Psalm 1

Psalm 1 is known as a "Wisdom Psalm." That is a categorization given to it by later interpreters not necessarily one it claims for itself. Even so, Psalms 1, 37, 73, and 128 resemble the Wisdom literature like Proverbs, Ecclesiastes, and Song of Songs.

The principle difference between the wickedness and righteousness within Psalm 1 is the approach each takes to instruction. The righteous embrace God's instruction; the wicked reject it. The Psalm begins with a beatitude (a statement about what it means to be "Blessed" or "Happy"). The beatitude describes the blessed righteousness as a three-part distancing ones self from wickedness. J. Clinton McCann of the The New Interpreter's Bible volume IV explains that the terms used in Psalm 1:1 get progressively more specific. "The wicked" is a general term for ungodly people. "Sinners" has the more specific meaning of those who miss the mark of meeting God's expectations. "The scoffers" are those who willfully reject instruction. This should not be confused with anti-intellectuals who can be problematic in their own right. The scoffers are those who regard faith instruction and consideration of God's commands as irrelevant or negligible. By contrast, the blessed/happy delight in God's law and meditate. Deep reflection on God's instruction marks the blessed; resistance to God's instruction marks the wicked.

The Psalm uses contrasting biological similes to describe the happy and the wicked. The reflective and teachable blessed one is like a great tree receiving sufficient nutrients from the river to also provide fruit to others. The Psalmist searches for the biological antithesis to the stable, rooted, and fruitful blessed one and finds this polar opposite in the chaff–the unusable husks of grain plants that are separated from the usable grain through the winnowing process. The wicked are light-weight. They are the barrier between the hungry and the foodstuff.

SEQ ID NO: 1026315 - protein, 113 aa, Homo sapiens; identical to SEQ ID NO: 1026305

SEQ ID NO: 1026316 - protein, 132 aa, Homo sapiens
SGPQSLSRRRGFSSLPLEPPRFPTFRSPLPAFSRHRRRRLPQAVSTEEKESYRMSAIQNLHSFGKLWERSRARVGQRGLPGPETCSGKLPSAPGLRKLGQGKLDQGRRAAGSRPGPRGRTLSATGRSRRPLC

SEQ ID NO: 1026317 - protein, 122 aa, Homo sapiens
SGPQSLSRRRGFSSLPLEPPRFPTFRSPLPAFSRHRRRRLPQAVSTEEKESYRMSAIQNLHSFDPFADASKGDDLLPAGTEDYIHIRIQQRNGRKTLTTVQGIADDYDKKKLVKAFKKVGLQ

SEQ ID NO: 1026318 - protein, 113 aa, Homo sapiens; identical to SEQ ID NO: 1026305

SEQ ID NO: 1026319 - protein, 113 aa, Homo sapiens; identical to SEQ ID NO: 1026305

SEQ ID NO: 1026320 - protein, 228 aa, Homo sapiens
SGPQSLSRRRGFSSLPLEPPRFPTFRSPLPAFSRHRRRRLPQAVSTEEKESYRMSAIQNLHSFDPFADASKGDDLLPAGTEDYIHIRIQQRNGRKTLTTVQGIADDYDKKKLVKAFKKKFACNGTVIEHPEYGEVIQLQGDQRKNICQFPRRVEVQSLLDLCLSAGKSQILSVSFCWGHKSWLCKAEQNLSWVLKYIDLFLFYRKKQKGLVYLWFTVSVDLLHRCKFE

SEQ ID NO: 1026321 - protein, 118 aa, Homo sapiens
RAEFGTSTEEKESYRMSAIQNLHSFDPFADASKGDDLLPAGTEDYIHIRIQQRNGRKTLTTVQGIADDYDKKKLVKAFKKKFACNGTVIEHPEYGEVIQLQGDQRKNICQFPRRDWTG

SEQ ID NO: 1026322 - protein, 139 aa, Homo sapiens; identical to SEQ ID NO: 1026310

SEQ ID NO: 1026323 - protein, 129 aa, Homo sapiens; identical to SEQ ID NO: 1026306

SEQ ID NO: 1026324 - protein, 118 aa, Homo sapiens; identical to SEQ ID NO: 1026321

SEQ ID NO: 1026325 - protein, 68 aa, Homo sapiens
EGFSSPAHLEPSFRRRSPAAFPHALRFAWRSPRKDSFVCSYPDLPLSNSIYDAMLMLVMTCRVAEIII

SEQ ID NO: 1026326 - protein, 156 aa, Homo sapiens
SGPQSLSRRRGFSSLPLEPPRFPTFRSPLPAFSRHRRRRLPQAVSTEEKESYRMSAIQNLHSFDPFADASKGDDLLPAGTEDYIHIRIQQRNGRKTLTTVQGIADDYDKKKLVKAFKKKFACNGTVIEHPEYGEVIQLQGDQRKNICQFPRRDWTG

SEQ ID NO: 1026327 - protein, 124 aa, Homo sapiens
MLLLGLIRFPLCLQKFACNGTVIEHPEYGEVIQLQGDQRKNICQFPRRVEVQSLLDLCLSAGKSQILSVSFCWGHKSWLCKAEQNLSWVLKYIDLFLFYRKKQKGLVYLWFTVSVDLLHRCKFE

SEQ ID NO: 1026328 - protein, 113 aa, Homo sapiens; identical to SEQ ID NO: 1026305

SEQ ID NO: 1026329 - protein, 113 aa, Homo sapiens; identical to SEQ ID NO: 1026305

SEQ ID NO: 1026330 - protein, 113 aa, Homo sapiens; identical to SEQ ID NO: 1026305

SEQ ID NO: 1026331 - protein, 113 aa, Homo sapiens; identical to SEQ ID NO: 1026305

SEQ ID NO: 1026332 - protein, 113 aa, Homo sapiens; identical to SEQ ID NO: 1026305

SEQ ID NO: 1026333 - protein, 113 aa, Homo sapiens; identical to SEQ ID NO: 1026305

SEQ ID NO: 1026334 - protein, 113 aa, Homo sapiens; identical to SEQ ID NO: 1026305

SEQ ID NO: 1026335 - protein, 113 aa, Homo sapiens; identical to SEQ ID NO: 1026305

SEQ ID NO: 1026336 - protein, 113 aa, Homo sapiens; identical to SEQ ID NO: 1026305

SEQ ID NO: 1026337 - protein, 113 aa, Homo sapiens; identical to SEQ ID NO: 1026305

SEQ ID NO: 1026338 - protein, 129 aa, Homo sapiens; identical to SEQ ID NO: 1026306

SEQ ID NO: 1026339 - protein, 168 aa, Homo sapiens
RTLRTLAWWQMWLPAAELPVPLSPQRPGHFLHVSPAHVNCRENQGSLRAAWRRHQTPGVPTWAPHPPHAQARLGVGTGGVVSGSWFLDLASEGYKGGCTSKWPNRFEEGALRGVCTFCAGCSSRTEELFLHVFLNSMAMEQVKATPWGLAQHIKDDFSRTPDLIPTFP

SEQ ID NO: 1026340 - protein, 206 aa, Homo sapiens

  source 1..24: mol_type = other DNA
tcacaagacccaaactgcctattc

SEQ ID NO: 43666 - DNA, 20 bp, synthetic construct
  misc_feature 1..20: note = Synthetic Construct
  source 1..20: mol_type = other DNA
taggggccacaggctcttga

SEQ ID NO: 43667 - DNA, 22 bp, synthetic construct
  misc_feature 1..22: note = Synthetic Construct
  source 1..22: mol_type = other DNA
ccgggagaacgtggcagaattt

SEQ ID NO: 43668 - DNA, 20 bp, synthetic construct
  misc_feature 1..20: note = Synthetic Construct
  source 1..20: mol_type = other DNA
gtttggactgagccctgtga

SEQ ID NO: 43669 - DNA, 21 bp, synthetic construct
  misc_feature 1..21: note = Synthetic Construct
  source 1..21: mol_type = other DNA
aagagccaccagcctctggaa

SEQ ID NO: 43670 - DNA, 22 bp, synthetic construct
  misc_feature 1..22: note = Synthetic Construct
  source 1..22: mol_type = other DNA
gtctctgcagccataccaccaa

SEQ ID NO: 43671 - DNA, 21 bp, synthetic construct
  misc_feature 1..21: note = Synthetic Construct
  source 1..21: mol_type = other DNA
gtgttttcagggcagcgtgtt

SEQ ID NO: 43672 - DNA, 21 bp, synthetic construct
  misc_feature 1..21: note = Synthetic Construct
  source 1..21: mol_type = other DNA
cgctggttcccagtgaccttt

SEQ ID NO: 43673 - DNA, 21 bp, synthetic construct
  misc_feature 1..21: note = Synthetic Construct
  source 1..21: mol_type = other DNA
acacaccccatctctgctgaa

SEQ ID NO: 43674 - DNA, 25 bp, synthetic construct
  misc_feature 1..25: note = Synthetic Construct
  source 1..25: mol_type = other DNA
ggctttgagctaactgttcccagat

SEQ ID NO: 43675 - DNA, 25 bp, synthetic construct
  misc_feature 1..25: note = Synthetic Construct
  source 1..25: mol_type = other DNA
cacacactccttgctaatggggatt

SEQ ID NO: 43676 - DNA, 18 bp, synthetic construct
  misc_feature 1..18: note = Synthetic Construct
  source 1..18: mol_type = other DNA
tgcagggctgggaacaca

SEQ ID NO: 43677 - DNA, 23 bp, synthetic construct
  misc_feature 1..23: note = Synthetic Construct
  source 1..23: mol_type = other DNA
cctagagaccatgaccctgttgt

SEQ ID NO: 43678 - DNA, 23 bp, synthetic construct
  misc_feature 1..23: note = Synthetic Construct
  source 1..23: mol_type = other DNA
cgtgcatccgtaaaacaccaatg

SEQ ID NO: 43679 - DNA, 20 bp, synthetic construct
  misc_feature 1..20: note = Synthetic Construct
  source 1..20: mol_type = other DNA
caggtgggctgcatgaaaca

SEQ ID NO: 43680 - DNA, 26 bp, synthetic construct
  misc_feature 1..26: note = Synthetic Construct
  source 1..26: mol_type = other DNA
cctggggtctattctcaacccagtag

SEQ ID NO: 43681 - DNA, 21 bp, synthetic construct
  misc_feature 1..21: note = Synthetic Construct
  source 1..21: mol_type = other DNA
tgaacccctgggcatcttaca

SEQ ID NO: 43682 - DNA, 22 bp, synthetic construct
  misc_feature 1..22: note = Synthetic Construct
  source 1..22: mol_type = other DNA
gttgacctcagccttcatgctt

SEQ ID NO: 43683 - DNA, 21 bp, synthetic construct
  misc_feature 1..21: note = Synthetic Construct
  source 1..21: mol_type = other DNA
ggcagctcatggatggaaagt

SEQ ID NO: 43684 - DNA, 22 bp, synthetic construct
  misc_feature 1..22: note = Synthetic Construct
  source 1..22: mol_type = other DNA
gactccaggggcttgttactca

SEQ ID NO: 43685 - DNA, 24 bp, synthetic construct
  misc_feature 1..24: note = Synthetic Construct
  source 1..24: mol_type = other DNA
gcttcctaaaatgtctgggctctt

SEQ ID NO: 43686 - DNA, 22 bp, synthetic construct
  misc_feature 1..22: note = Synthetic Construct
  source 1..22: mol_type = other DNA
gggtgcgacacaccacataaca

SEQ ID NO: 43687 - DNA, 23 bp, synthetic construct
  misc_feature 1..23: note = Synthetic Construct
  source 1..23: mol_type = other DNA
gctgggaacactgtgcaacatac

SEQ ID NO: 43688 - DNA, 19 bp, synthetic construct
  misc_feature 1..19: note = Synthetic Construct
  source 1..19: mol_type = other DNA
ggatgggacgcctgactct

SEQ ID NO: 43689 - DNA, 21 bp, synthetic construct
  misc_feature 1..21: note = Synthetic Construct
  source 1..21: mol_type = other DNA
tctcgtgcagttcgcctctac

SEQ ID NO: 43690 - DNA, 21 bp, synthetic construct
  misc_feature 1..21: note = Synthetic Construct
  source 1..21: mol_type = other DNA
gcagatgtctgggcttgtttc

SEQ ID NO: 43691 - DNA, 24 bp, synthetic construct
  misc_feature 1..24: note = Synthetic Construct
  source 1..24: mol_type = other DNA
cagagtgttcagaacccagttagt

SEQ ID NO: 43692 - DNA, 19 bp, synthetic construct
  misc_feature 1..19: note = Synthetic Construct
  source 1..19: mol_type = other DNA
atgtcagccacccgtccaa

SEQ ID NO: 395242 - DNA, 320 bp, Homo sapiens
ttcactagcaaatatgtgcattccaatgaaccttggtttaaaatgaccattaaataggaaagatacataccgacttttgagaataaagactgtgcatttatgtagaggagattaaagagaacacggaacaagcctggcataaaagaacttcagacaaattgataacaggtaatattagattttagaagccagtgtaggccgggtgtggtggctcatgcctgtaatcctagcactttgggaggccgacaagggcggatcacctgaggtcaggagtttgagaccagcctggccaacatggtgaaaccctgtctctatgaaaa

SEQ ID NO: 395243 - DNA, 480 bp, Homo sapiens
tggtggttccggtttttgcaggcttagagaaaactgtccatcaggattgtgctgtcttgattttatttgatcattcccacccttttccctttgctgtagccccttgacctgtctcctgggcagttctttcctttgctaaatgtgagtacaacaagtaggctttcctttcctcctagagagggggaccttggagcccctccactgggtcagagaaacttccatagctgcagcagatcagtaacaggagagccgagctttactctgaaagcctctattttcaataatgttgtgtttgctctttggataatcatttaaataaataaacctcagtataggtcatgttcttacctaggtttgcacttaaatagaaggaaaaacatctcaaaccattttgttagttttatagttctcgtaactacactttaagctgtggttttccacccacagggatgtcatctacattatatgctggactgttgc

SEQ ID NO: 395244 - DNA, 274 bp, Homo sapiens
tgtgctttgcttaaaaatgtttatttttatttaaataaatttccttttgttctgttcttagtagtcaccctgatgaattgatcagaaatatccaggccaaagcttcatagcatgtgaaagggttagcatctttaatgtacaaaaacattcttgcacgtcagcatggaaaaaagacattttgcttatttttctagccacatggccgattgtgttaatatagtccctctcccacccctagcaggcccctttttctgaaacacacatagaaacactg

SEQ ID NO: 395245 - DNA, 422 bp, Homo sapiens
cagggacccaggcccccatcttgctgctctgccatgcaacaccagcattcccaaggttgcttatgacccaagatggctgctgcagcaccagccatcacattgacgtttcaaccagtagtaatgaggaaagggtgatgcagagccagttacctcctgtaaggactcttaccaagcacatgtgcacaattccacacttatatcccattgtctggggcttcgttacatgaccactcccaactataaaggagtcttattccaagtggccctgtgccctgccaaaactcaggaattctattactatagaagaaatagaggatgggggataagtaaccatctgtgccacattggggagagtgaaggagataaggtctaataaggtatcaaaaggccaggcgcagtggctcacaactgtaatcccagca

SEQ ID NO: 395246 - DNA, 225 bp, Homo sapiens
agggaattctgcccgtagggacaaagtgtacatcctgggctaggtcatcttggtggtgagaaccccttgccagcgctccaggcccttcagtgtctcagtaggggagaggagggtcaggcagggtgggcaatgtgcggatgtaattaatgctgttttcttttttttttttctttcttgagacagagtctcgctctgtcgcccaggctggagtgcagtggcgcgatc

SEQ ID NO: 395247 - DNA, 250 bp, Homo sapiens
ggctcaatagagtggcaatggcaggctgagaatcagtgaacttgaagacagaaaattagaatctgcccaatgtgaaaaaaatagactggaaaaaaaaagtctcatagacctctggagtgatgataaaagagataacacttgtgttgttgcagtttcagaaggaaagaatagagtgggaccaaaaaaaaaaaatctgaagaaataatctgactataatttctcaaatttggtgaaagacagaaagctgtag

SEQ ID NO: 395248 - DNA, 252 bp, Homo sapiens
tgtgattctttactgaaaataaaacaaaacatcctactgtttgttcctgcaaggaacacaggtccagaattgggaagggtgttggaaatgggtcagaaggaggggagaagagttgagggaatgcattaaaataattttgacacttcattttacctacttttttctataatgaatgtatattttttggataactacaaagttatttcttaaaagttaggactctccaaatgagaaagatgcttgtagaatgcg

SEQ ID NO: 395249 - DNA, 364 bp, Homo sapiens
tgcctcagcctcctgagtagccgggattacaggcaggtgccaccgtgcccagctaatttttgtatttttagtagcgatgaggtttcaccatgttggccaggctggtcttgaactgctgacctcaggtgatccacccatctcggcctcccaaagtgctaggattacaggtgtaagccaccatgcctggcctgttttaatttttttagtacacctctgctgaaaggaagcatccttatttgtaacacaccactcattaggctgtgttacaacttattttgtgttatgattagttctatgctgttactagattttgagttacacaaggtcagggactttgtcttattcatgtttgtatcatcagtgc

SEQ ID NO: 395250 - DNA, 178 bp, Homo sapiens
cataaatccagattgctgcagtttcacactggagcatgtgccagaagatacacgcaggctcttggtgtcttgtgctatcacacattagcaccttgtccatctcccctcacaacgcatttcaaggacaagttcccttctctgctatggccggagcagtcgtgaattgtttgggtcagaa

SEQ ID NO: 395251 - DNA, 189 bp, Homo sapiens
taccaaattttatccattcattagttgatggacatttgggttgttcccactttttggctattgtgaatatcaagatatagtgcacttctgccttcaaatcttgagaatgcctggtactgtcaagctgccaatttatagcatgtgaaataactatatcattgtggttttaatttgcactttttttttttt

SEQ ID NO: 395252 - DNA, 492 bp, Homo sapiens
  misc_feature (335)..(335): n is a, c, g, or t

Verses 5-6 do not exactly parallel vs. 1 but there is some similarity between them. In verse , the blessed do not walk, stand, sit as the wicked do. The wicked do not stand (day of judgment), sit (in the assembly), and their walk "way" is destined to perish.

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Andy Mangum is a pastor and speech teacher with degrees from West Texas A&M University (BA, MA, Speech Communication), Brite Divinity School (MDiv) and Austin Presbyterian Theological Seminary (DMin). He's married and has three children, one son-in-law, three dogs and a few good friends. He started in Abilene, Texas and has lived in Canyon, Amarillo, Fort Worth and Grand Prairie, Texas.

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